John: There we go.
Alex: I have my brother-in-law to thank for that. He has always been a Lady Gaga fan, like since he was very little. And I have grown to love her. My kids actually absolutely love her. You know how Spotify or Apple Music do the like yearly wrapped list and whatever? Well, both my husband and I are like 0.5% of the top listeners for Lady Gaga every year because our kids—
John: Oh, my gosh.
Alex: …are so obsessed with Lady Gaga.
John: That’s great. It’s better than Barney or whatever the kid’s version is that’s out now.
Alex: We will get in the car and my son immediately says Ga-ga. He’s 2. And he is just like he needs Gaga to play. I went and saw her with my brother-in-law back in September. And we had VIP packages. And we were right up against the stage. And I don’t know if I will ever go to such an incredible concert. Like it should be on everybody’s bucket list.
John: Yeah, it’s an experience. That’s for sure.
Alex: It is an experience. She is so talented.
John: Yeah, no doubt. I forget if it was Netflix or whatever, The Becoming Gaga, that’s such a great— Whether you like her music or not, I mean, it’s an unbelievable special behind the scenes, peeling back the curtain of what it’s like to be her, you know. And really, just the human side of her is impressive.
Alex: Yeah, she is amazing for sure.
John: Yeah. I mean, she’s no Alex Miles, but, you know, whatever.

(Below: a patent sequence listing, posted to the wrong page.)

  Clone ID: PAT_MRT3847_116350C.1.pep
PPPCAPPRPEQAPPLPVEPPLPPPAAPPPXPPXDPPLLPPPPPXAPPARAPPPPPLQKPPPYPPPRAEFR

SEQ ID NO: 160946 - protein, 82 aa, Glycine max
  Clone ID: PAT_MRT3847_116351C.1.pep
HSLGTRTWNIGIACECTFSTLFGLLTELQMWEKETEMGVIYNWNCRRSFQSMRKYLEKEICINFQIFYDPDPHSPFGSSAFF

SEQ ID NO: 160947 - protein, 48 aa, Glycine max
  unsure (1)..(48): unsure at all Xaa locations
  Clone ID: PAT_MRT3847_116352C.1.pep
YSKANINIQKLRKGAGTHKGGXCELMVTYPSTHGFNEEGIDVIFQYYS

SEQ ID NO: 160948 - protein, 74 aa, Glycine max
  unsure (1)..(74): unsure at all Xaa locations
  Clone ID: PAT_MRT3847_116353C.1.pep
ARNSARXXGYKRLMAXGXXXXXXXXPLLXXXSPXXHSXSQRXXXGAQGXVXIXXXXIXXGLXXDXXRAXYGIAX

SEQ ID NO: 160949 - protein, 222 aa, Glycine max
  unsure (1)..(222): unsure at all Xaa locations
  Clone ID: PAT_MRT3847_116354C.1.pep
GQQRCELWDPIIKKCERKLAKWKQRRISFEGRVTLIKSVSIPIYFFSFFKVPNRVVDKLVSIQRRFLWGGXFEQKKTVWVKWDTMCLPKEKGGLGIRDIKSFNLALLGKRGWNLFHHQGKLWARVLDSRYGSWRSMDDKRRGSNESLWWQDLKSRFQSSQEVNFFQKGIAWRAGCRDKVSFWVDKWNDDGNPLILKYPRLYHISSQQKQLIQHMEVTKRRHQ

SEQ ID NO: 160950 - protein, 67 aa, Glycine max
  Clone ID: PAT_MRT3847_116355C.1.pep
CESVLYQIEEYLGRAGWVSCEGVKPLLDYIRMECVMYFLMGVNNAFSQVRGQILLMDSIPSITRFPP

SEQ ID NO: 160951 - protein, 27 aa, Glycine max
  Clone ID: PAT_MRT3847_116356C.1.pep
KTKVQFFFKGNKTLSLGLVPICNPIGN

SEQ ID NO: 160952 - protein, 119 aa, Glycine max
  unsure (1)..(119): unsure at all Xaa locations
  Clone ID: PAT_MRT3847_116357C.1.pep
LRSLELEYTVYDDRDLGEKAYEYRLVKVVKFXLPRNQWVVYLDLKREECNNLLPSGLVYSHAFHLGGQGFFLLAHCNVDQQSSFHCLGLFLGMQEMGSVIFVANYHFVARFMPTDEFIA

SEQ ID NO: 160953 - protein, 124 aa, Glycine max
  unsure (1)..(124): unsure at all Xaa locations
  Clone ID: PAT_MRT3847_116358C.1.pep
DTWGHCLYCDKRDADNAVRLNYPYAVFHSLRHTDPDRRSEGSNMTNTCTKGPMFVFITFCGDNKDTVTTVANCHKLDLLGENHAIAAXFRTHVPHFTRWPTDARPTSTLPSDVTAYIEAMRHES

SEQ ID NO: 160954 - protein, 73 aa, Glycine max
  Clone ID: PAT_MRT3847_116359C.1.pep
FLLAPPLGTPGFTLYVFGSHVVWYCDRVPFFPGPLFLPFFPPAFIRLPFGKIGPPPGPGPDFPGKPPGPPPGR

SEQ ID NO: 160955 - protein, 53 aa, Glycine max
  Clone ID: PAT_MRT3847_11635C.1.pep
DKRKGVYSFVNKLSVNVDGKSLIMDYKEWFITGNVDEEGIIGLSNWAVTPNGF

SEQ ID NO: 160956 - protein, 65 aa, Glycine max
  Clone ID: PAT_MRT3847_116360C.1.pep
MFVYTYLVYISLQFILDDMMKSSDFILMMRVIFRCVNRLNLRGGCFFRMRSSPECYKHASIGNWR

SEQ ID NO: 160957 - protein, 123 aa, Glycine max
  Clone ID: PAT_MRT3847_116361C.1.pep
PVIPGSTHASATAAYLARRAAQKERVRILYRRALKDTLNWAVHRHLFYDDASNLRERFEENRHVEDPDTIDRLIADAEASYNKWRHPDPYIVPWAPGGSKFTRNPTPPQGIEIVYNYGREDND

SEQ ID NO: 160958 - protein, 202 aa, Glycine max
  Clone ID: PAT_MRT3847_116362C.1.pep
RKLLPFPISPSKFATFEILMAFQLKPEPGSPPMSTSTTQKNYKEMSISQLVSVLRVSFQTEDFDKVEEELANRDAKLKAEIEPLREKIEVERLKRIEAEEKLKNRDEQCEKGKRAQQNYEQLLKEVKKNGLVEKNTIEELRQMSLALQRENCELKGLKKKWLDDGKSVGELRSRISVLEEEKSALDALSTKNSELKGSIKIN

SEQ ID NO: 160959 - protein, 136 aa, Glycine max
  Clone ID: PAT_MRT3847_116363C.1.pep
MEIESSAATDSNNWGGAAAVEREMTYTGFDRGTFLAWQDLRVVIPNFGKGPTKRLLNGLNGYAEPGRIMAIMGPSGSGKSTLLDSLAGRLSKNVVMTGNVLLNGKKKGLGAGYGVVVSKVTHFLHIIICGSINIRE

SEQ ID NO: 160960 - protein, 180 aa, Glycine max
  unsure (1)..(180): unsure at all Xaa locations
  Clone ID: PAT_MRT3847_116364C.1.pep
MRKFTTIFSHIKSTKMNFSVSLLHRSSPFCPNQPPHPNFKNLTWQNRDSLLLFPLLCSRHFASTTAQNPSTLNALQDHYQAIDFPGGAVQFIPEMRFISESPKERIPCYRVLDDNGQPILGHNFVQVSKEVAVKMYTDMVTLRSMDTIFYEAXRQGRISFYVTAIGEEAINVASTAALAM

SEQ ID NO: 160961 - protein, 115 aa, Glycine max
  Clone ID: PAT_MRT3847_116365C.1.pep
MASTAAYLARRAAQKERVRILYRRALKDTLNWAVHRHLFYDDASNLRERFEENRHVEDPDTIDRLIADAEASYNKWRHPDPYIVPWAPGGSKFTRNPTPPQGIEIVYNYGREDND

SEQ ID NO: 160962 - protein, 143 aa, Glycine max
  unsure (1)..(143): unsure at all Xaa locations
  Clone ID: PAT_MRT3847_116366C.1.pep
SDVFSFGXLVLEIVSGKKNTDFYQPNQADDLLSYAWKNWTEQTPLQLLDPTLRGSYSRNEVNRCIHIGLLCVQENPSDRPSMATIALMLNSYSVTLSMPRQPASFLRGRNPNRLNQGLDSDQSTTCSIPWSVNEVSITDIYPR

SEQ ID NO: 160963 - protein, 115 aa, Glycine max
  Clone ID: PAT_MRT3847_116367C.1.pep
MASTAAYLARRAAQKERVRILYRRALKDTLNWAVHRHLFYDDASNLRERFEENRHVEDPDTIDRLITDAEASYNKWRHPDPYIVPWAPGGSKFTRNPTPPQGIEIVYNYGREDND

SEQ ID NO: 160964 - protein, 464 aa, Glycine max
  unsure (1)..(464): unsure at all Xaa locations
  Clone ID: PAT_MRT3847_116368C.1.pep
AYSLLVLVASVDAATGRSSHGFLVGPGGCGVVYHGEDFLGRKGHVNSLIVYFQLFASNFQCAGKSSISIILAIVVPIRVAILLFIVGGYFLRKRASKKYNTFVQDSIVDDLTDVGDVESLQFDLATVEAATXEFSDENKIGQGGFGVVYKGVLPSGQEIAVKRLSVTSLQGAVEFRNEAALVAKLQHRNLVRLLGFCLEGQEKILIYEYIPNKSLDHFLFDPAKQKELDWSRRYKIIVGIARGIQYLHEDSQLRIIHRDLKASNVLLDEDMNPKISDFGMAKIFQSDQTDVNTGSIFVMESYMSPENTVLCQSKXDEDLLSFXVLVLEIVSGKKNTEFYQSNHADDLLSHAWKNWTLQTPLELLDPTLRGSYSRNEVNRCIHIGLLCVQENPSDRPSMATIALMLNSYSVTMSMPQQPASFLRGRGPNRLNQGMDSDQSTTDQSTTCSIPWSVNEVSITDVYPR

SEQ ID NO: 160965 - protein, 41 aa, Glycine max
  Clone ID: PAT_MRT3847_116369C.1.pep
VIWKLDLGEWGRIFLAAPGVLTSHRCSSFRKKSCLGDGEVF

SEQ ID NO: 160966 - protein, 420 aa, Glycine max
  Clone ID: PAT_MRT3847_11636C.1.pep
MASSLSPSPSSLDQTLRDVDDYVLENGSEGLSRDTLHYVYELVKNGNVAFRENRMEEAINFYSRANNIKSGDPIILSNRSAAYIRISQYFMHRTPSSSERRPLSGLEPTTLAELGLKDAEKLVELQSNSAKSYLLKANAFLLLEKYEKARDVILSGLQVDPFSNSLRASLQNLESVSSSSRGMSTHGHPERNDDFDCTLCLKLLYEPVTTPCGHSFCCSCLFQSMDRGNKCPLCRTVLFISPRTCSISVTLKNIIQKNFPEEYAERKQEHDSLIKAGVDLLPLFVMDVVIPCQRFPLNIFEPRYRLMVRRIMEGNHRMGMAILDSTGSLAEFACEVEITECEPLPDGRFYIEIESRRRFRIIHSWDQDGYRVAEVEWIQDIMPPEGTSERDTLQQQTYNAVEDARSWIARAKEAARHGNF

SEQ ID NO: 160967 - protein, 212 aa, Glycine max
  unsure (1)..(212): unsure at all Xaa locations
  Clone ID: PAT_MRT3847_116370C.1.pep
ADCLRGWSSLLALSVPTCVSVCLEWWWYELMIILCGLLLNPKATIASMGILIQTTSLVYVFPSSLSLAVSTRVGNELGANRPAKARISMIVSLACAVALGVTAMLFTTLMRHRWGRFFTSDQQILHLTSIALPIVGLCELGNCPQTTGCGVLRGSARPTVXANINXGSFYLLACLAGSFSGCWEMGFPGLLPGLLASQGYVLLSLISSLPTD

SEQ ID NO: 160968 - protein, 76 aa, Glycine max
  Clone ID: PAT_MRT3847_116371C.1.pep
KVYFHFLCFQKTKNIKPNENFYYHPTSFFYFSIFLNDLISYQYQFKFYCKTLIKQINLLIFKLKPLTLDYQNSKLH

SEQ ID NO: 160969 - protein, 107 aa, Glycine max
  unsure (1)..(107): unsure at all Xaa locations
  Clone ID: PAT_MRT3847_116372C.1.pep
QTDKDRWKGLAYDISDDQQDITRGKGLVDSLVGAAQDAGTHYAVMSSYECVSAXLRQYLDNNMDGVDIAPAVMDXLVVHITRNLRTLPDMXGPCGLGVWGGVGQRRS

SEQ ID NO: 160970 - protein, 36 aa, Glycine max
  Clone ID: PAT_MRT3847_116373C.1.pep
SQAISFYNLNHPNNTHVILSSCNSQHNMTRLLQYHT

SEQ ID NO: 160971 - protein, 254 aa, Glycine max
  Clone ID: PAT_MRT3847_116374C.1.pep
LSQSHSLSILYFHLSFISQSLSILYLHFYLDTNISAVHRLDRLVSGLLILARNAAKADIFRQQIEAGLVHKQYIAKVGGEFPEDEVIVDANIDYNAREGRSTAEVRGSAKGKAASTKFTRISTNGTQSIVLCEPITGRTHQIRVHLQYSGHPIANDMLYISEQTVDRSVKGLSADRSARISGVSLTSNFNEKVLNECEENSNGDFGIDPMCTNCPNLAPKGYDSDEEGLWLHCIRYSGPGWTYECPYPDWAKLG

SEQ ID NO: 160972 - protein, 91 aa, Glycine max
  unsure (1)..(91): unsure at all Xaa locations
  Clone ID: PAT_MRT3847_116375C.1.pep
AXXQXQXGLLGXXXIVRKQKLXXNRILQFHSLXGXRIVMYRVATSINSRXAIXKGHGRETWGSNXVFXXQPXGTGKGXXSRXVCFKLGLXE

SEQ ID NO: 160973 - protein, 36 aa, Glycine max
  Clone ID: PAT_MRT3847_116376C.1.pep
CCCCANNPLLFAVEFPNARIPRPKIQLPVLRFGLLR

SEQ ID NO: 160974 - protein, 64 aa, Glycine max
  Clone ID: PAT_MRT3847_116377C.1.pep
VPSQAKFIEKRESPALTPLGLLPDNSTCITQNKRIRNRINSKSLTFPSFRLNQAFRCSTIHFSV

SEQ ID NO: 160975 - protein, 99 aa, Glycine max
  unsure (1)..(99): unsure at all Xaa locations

Alex: I know. Trust me. I know.
John: Trust me. I know.
Alex: Put her people in contact with my people. I’ll teach her a thing or two.
John: Right? Exactly. Exactly. How about a favorite number?
Alex: 12. And I say that because I was born on July 12th, so 12 has always just been—
John: That’s a solid number.
Alex: …my favorite number.
John: So there you go. All right, we got two more. When it comes to books, audio version, e-Book, or the real book?
Alex: I really like real books. I like holding a real book and just being focused on the book itself. But I do love audiobooks, and podcasts, and all. I like listening when I’m doing something like cleaning.
If I’m just sitting there or driving, I feel like I get distracted when I’m listening to something. My brain just starts thinking about a million other things. So if I’m cleaning, I like an audio book. If I’m just sitting there, I like a real book.
John: And the last one, the favorite thing you have or the favorite thing you own?
Alex: I do love my Peloton.
John: Oh, okay.
Alex: Yeah. I love my Peloton, but I think what I love a little bit more than that— and my husband, when he listens to this, he’s gonna roll his eyes a little bit— my phone.
John: Right? You can’t send voice texts without a phone.
Alex: I know.
John: I guess maybe on your computer. I don’t know. Macs are so fancy. But your phone on your Peloton. There we go.
Alex: Yeah. Kill two birds with one stone.
John: That’s awesome. I love it. That’s so funny. But let’s talk socializing. Were you like that as a kid and just kept it going or is it how it’s always been?
Alex: I feel like my entire life my mom has always called me a social butterfly.
Alex: And I’ve always been that way. I’ve always been somebody that just talks to strangers as bad as that sounds. I will have conversations with anybody. Yeah. I’ve always been a very social, outgoing person. It’s never been hard for me to have a conversation with people.
John: That’s awesome. And I mean, now it’s a huge asset to have for your job. I mean, a skillset that you can’t teach necessarily how to do that. So it directly leads to work skillset.
John: I guess do you have any favorite moments of talking to strangers or random people where it’s like “Wow, that was an amazing experience or kind of like no one’s gonna believe that that just happened”?